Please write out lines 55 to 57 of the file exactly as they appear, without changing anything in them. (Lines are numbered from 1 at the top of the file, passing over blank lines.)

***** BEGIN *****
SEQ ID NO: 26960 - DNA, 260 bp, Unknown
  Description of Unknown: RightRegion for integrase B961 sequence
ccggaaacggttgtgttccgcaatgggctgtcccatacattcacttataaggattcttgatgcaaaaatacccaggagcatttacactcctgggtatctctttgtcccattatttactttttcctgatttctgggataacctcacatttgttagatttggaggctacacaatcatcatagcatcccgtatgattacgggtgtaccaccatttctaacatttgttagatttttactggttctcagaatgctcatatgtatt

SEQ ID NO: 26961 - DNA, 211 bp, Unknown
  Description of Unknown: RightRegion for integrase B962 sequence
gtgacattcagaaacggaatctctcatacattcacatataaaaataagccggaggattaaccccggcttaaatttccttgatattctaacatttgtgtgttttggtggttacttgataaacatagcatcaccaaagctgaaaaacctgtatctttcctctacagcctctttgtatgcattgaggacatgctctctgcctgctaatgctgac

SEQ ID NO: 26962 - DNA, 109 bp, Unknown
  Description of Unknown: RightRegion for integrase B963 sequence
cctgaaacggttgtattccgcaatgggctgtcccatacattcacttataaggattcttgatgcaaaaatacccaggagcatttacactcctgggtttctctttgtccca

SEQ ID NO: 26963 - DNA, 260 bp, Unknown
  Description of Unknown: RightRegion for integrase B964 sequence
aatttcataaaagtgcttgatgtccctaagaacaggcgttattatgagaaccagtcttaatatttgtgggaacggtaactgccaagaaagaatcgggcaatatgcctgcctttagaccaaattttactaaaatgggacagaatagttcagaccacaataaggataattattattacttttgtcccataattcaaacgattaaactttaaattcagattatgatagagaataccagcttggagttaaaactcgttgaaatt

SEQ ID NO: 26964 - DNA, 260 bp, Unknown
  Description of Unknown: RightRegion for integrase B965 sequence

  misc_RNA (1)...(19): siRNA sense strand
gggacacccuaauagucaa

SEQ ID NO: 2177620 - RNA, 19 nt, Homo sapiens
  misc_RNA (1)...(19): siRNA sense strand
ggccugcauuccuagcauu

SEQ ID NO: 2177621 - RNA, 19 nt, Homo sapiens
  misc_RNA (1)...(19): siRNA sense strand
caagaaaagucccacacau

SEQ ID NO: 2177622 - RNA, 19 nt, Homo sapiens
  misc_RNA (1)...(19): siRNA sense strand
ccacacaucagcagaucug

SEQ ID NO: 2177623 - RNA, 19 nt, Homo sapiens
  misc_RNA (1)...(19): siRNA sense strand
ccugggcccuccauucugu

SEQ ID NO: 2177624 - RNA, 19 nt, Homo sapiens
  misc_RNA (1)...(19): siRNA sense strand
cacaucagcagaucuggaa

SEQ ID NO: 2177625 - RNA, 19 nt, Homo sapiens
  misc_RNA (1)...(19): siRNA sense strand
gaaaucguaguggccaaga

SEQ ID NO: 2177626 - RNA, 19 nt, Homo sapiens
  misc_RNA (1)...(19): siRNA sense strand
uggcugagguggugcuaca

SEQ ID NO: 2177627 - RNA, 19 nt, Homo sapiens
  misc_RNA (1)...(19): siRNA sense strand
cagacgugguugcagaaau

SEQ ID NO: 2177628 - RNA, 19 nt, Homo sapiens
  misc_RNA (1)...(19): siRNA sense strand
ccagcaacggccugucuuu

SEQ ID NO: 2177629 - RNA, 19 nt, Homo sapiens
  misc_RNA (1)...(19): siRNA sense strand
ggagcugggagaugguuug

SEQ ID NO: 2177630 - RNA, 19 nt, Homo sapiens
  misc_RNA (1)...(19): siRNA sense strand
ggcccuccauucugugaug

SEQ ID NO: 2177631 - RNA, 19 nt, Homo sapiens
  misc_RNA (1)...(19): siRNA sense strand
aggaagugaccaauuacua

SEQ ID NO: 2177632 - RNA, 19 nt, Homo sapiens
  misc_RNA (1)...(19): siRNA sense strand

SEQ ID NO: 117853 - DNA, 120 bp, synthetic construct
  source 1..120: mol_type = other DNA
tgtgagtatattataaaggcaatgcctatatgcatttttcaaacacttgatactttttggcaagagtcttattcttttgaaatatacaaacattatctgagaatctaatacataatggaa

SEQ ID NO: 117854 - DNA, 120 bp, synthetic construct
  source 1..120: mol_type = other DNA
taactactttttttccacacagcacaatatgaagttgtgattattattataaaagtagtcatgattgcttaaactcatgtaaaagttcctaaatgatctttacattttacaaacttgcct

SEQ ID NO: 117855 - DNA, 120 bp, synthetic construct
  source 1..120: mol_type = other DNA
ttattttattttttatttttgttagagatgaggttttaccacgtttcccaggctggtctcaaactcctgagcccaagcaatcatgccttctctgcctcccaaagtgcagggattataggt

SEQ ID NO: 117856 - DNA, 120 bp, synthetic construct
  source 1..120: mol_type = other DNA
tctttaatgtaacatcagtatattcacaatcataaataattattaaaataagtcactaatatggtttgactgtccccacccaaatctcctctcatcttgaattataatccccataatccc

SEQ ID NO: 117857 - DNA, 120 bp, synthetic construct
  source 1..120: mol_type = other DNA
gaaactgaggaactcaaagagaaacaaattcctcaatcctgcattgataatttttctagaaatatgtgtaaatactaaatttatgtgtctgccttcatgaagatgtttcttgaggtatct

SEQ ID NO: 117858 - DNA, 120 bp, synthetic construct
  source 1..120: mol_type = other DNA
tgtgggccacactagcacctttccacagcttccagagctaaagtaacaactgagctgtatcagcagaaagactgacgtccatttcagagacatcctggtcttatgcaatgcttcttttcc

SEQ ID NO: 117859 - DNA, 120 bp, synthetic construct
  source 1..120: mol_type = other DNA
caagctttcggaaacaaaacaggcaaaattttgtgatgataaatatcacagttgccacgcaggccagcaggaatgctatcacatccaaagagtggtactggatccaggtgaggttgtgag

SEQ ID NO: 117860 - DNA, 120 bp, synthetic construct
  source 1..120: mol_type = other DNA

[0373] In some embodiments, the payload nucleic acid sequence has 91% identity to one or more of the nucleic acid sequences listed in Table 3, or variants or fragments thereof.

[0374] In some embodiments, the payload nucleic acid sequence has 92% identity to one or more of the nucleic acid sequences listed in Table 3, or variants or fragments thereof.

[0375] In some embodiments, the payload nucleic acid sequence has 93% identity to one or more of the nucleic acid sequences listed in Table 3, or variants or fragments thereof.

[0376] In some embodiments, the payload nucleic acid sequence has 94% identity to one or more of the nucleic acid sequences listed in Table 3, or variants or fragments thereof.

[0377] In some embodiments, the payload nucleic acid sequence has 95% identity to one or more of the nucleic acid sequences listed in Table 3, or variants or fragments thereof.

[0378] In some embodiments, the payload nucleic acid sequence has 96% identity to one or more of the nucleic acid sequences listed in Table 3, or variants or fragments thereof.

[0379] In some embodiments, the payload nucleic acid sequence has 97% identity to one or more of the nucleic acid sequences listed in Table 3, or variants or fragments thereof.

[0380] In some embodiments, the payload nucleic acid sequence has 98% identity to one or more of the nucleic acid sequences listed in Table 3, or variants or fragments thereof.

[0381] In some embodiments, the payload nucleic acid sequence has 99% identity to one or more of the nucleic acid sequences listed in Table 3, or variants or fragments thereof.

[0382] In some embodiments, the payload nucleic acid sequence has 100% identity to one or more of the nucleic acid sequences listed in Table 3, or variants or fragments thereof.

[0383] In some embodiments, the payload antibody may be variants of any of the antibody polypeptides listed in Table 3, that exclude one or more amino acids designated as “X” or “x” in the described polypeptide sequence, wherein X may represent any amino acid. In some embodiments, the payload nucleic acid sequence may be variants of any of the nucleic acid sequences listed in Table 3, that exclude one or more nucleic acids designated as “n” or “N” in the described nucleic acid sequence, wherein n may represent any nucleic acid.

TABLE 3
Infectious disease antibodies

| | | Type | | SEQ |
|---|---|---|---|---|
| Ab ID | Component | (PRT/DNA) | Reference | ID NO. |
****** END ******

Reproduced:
SEQ ID NO: 117853 - DNA, 120 bp, synthetic construct
  source 1..120: mol_type = other DNA
tgtgagtatattataaaggcaatgcctatatgcatttttcaaacacttgatactttttggcaagagtcttattcttttgaaatatacaaacattatctgagaatctaatacataatggaa